Social, Personality and Developmental Psychology Program Requirements
The SPDP Cluster at Western University is oriented toward training graduate students in how to conduct high-quality empirical research. This research training concentrates on the psychological theories, principles, and research methods relevant to understanding developmental processes, individual differences and the behaviour of individuals and groups in social contexts.
Enrolling in graduate studies in the SPDP cluster at Western means being part of a research-intensive, supportive, and cooperative research group. Our primary goal is to train graduate students to become excellent researchers who, upon graduation, will obtain highly desirable positions in academic and non-academic settings in which psychological research skills are required. This research training mainly follows an apprenticeship model in which students develop strong skills in conducting high-quality empirical research, conceptual thinking, and scientific writing. In addition to the research conducted with their primary supervisor, students are encouraged to collaborate with at least one other faculty member during their graduate training to enable broad training in a variety of methodological approaches and research issues. Our students are also encouraged to take the initiative in planning and conducting their own research and to collaborate with fellow graduate students.
For students who are interested in pursuing their graduate studies in social, personality, and developmental psychology at Western, the departmental website includes helpful information about admission requirements, application procedures, scholarships and funding, and housing information.
Students in the SPDP cluster must successfully complete certain graduate courses offered by the department and within Western University. The minimum number of credits is 3.0 for the M.Sc., and 4.0 for the Ph.D.
M.Sc. Students (3.0 credits)
- a) Students in the Masters program are required to take two half-courses chosen from the list of “Fundamental” courses in statistics, experimental design, and computational foundations (1.0 credits total). This can be satisfied either by taking 9540 (a full year course) or by taking 9040 and 9041 (each a half course).
- b) Two additional substantive half-courses (1.0 credits total); typically a broad course in relevant “theories” related to the student’s area of study and a broad course in relevant “methods” (to be approved by the supervisor and supervisory committee). Note that “relevance” will be determined by the student’s specific research focus (e.g., social psychology, personality psychology, developmental psychology).
- c) A weekly “brown-bag” seminar (.25 credits/term for a total of 1.0 credit across two years). This seminar showcases graduate student research and occasional work from visiting scholars. Students will be required to present their own research (either research results or proposed research) at least once during the course of the M.Sc.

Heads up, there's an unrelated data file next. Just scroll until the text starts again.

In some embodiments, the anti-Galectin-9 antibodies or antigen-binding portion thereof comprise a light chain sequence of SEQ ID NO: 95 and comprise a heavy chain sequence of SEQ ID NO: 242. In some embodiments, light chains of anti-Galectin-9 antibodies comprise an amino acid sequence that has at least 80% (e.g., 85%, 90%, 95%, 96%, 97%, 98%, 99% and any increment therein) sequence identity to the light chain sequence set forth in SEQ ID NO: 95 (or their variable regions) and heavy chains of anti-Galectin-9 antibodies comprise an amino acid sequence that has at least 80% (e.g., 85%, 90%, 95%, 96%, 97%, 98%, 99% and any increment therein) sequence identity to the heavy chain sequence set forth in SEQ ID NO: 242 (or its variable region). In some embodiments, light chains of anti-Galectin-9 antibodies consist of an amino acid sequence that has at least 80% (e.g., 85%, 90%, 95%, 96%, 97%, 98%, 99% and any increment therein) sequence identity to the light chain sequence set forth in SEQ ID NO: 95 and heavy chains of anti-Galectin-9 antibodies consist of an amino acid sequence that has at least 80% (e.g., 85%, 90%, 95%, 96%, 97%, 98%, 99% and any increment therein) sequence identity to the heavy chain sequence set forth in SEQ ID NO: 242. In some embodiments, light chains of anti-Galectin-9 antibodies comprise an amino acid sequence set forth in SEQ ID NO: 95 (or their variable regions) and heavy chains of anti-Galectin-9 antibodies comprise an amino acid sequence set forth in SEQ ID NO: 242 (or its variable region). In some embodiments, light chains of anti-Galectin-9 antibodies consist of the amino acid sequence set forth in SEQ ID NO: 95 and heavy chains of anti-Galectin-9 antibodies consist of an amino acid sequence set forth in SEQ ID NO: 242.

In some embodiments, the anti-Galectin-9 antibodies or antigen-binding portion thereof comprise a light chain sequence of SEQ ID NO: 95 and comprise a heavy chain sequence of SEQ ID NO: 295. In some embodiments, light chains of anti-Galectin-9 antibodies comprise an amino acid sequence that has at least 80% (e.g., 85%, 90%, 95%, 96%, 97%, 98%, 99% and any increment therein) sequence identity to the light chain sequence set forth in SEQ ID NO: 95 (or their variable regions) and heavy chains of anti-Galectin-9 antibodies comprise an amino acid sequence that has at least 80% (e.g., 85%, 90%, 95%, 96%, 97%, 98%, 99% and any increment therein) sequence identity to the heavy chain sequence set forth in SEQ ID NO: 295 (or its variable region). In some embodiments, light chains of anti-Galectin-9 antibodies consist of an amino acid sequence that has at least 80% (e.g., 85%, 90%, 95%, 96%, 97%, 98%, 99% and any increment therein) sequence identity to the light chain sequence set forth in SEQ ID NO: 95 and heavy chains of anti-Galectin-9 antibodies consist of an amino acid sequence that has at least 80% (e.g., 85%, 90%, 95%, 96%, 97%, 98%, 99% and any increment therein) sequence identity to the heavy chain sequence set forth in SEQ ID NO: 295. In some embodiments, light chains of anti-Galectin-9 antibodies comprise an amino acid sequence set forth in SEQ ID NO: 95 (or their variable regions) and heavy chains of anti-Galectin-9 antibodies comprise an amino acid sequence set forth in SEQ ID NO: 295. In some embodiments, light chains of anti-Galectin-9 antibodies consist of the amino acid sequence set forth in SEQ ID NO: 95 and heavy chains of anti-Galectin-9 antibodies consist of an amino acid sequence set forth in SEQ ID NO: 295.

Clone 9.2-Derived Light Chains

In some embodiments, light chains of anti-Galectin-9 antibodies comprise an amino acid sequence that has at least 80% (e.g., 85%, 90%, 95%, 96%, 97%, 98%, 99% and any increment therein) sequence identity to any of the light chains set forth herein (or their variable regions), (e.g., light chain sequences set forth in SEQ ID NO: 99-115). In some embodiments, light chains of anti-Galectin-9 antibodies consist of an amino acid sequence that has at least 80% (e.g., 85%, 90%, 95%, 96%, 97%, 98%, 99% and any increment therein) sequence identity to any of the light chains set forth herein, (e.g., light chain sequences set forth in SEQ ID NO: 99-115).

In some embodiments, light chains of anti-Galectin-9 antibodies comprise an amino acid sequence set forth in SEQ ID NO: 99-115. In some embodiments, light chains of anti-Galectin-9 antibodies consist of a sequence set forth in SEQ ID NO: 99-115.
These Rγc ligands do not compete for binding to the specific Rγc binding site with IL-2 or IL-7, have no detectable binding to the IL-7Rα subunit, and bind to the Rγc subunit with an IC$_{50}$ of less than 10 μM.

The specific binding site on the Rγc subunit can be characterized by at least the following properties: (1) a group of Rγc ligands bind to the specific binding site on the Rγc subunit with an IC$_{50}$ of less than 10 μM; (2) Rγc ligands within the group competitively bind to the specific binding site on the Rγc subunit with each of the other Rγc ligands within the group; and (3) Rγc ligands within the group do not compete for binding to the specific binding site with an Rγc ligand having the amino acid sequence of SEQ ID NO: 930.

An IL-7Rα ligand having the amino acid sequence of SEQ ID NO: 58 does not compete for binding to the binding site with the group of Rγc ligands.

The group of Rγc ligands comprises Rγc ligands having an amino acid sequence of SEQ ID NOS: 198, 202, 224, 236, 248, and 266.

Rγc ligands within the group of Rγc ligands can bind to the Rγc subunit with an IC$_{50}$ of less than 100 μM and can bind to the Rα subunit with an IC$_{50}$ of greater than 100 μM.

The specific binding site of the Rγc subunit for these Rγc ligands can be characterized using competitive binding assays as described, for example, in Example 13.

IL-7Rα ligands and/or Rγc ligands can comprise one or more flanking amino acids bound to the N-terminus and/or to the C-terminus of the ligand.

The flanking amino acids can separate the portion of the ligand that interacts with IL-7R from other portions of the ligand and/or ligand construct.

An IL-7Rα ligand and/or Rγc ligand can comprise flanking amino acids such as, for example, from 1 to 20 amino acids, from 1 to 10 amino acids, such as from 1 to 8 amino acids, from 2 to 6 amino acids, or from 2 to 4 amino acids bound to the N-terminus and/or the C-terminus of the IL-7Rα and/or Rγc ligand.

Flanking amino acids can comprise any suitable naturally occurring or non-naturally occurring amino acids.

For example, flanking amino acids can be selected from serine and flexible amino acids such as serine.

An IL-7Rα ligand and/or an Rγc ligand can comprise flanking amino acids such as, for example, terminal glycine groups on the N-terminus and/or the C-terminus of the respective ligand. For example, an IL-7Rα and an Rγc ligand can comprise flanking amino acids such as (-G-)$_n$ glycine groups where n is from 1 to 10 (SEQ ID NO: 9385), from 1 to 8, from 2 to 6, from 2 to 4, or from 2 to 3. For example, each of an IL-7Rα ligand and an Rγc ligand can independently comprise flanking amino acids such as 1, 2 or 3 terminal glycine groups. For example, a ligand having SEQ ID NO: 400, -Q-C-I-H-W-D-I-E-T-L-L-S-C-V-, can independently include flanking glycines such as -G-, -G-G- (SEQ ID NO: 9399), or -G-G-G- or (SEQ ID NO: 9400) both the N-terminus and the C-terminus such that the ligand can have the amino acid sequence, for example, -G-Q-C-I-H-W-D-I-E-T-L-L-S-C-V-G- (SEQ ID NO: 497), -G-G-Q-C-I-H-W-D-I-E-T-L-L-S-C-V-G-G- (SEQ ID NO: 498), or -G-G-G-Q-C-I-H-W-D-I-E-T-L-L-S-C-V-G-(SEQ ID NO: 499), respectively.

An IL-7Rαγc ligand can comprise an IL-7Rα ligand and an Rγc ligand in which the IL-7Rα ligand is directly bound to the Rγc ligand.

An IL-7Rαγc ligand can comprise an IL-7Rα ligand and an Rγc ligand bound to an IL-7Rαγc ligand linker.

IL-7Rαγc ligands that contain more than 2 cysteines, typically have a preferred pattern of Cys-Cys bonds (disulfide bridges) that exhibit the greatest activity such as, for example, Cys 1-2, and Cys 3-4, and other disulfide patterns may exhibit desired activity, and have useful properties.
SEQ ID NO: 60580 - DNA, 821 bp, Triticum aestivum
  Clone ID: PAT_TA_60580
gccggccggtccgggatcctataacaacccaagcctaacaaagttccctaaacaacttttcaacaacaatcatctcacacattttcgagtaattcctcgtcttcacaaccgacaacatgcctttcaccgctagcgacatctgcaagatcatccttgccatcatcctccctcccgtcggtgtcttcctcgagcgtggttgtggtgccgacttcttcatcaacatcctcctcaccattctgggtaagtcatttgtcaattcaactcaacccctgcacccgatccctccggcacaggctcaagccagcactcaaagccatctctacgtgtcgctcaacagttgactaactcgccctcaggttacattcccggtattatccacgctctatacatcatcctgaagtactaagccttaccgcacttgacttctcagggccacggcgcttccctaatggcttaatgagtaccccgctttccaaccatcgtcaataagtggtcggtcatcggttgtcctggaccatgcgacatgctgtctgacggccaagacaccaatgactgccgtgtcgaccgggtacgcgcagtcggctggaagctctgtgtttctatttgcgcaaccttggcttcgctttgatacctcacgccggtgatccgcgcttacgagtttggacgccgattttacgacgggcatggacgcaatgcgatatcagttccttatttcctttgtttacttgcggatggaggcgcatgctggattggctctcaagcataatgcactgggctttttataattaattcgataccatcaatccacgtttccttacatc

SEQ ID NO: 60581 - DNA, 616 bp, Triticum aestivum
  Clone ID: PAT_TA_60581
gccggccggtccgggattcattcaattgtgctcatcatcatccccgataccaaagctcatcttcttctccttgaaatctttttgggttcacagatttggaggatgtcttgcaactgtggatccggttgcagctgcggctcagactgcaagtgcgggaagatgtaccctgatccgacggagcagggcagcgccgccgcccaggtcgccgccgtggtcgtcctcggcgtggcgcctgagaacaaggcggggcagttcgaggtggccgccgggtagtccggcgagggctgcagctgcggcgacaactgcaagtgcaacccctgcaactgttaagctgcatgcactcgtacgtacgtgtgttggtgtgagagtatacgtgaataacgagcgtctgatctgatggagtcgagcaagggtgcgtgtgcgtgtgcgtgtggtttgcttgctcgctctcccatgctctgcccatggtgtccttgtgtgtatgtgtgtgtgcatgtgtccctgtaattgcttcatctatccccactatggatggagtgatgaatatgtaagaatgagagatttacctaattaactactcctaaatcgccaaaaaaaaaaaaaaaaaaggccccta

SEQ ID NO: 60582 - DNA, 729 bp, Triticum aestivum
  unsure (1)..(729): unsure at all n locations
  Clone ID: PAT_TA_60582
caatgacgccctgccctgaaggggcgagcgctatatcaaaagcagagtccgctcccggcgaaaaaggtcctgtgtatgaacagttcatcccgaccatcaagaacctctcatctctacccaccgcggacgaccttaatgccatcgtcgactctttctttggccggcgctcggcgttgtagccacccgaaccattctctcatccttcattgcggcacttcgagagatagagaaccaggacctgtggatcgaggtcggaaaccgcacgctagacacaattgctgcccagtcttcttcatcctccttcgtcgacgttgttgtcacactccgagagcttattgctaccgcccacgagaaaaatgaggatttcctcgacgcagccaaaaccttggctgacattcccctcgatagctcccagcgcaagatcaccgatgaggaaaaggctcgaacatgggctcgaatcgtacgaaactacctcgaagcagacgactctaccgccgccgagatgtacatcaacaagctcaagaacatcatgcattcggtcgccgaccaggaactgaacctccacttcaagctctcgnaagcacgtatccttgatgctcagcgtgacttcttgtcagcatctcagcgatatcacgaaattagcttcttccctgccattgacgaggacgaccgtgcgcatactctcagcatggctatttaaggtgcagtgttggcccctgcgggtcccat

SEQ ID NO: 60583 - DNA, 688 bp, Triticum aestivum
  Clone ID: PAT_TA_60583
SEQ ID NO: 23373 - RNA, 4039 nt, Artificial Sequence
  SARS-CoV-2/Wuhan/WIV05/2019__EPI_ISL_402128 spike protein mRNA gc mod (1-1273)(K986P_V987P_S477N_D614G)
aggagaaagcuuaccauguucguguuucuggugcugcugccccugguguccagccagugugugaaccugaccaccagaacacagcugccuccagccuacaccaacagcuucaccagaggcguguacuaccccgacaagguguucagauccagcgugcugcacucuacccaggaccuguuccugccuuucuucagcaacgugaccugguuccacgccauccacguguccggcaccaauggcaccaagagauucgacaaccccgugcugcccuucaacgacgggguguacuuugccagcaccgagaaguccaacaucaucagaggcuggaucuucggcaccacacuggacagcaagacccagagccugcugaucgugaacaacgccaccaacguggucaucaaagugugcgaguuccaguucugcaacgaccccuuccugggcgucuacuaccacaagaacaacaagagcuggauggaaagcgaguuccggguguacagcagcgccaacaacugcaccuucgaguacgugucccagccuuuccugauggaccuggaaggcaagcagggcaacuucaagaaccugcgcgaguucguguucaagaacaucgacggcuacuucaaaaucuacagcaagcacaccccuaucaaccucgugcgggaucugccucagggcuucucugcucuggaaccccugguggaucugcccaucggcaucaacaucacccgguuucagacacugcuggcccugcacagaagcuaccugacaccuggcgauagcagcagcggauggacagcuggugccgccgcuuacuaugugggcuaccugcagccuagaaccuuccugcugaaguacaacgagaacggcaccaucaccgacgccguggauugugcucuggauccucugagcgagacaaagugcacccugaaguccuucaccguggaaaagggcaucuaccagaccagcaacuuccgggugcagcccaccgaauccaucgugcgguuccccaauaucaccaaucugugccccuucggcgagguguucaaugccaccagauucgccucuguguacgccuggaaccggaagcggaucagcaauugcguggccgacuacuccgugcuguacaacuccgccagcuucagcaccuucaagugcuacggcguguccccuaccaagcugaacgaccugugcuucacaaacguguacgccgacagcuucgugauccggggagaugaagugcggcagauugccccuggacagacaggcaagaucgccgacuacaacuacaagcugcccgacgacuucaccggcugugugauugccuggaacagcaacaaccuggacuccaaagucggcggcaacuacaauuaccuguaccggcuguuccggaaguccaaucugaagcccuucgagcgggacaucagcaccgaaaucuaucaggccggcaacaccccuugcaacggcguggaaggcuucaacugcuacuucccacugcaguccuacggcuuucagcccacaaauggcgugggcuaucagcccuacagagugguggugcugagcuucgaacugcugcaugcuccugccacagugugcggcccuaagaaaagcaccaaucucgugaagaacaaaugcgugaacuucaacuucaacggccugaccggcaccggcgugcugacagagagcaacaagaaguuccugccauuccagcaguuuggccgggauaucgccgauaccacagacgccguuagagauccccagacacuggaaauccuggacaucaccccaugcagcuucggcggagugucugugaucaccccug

Students may take more than the minimum number of courses over the two years of the M.Sc. program. The additional courses will normally be counted towards Ph.D. course requirements.
Ph.D. Students (4.0 credits)
a) Students must take four substantive half-courses (minimum) to fulfill the requirements of the Ph.D. in SPDP, with at least two half courses taken by the end of their first Ph.D. year. At least one of the four courses should come from the list of Advanced Measurement Courses, and one additional course from within the SPDP cluster offerings (substitutions based on relevance to the student’s specific research focus may be permitted at the discretion of the supervisor/supervisory committee). The specific courses a student selects will be determined in conjunction with the supervisor and supervisory committee. Note that not all courses are offered every year.
- b) A weekly “brown-bag” seminar (.25 credits/term for a total of 2.0 credits over 4 years). This seminar showcases graduate student research and occasional work from visiting scholars. Students will be required to present their own research (either research results or research proposals) at least twice during the course of the Ph.D.
Selected Graduate Courses
Fundamental Measurement Courses:
Psychology 9540 Research Design (full-year course)
Psychology 9040A/B Scientific Computing
Psychology 9041A/B Introduction to Statistics Using R
Advanced Measurement Courses:
Psychology 9343A/B Mathematical Modeling of Group & Individual Differences
Psychology 9542A/B Multilevel Modeling (MLM)
Psychology 9545A/B Test Construction and Survey Design
Psychology 9555A/B Structural Equation Modeling
Psychology 9556A/B Longitudinal Methods
Psychology 95xxA/B Meta Analysis
Research Methods-Related Courses:
Psychology 9223A/B Neuroimaging of Cognition
Psychology 9520A/B Computational Models in Psychology and Neuroscience
Psychology 9631A/B Research Methods in I/O Psychology
Psychology 9702A/B Research Methods in Social Psychology